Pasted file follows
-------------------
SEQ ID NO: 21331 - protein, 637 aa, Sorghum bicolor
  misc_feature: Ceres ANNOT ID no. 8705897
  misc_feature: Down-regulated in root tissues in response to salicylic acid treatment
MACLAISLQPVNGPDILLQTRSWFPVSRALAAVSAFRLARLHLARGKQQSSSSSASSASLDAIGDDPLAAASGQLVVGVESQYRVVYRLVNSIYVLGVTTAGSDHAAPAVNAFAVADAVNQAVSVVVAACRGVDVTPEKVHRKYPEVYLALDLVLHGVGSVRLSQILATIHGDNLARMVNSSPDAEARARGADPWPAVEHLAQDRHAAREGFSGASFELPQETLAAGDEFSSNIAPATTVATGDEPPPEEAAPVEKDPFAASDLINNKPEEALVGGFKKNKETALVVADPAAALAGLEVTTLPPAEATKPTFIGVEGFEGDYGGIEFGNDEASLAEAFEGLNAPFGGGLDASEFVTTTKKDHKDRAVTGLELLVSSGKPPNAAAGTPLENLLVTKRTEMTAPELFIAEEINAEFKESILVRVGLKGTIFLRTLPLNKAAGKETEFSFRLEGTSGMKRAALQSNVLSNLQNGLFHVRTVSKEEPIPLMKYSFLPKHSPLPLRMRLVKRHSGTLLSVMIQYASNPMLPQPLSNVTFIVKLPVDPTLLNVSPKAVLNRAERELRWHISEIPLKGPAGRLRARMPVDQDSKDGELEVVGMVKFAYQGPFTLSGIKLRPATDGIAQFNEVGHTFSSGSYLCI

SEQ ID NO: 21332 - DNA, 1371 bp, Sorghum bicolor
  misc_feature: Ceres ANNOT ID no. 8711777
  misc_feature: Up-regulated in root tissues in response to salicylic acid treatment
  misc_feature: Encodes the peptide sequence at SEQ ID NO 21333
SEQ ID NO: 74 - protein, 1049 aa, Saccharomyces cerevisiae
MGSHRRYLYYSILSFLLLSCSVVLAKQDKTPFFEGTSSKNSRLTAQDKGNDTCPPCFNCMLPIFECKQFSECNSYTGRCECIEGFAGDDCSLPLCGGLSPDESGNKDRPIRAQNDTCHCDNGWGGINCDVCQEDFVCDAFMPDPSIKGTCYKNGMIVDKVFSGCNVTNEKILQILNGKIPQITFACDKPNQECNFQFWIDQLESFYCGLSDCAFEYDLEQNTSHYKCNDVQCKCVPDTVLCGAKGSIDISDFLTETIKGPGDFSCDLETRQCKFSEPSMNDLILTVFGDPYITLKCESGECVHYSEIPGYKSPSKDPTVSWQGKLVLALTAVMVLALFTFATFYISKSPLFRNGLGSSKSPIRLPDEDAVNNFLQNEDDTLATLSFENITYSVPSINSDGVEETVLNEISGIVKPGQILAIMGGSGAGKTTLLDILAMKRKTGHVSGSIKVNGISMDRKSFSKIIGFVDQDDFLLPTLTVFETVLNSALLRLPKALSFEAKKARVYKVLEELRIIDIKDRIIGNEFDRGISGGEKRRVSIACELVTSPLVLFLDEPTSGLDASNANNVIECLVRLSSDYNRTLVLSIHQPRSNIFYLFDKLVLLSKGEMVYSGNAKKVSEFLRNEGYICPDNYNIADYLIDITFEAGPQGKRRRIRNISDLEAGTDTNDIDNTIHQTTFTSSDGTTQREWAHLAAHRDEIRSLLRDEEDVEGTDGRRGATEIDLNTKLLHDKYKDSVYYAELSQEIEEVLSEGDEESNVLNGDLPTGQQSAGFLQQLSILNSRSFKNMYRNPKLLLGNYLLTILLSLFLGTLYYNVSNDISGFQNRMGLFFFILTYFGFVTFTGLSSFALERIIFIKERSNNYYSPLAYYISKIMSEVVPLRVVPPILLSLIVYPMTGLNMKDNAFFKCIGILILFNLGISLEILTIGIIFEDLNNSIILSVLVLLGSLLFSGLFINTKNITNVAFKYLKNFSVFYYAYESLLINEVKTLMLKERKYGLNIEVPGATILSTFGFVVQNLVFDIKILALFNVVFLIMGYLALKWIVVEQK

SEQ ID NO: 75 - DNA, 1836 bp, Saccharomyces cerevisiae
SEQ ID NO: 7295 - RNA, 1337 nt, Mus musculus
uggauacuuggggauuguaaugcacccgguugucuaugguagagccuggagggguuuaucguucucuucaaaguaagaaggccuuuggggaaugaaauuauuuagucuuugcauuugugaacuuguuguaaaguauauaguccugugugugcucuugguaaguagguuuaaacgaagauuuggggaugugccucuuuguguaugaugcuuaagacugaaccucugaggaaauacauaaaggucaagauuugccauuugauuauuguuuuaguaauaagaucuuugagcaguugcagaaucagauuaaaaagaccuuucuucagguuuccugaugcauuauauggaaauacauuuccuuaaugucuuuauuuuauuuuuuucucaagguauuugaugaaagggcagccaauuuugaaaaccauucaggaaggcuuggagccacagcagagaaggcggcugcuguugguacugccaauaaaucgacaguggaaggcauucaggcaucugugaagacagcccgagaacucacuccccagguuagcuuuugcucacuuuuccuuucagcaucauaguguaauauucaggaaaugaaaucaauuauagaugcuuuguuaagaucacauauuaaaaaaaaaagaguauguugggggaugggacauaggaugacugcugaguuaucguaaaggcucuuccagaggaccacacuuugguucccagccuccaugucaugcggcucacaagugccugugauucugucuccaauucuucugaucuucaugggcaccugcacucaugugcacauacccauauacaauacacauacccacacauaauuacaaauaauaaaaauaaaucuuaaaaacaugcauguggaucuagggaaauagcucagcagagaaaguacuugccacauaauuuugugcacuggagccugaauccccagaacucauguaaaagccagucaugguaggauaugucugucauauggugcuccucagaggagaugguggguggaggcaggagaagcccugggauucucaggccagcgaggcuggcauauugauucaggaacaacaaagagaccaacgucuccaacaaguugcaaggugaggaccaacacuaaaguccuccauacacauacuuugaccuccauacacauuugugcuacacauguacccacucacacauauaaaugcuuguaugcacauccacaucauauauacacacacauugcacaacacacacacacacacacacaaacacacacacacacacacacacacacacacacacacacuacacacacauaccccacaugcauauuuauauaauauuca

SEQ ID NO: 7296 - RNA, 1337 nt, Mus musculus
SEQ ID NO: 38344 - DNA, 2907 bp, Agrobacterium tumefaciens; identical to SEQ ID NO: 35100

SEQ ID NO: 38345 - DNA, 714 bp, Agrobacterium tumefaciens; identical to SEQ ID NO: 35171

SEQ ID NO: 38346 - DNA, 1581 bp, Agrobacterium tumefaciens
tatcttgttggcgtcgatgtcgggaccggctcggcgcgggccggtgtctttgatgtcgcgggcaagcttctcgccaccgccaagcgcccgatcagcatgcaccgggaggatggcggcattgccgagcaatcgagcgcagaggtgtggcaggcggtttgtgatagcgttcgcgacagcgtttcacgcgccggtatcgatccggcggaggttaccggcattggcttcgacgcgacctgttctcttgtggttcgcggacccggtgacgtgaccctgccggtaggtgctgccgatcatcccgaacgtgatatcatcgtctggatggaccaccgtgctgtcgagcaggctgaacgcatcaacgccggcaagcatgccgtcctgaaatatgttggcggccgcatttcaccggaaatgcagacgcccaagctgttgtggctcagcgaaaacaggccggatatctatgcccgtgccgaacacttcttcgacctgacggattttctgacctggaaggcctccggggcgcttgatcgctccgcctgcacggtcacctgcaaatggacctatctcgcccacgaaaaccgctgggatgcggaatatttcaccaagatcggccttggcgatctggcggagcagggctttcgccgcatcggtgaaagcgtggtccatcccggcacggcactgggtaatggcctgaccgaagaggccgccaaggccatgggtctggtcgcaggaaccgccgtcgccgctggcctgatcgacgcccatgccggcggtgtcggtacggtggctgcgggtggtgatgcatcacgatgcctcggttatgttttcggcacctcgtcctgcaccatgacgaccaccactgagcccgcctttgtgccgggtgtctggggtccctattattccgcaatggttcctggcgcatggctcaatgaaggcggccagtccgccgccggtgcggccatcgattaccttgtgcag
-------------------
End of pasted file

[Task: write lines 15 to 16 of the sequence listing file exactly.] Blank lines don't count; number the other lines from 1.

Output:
SEQ ID NO: 38344 - DNA, 2907 bp, Agrobacterium tumefaciens; identical to SEQ ID NO: 35100

SEQ ID NO: 38345 - DNA, 714 bp, Agrobacterium tumefaciens; identical to SEQ ID NO: 35171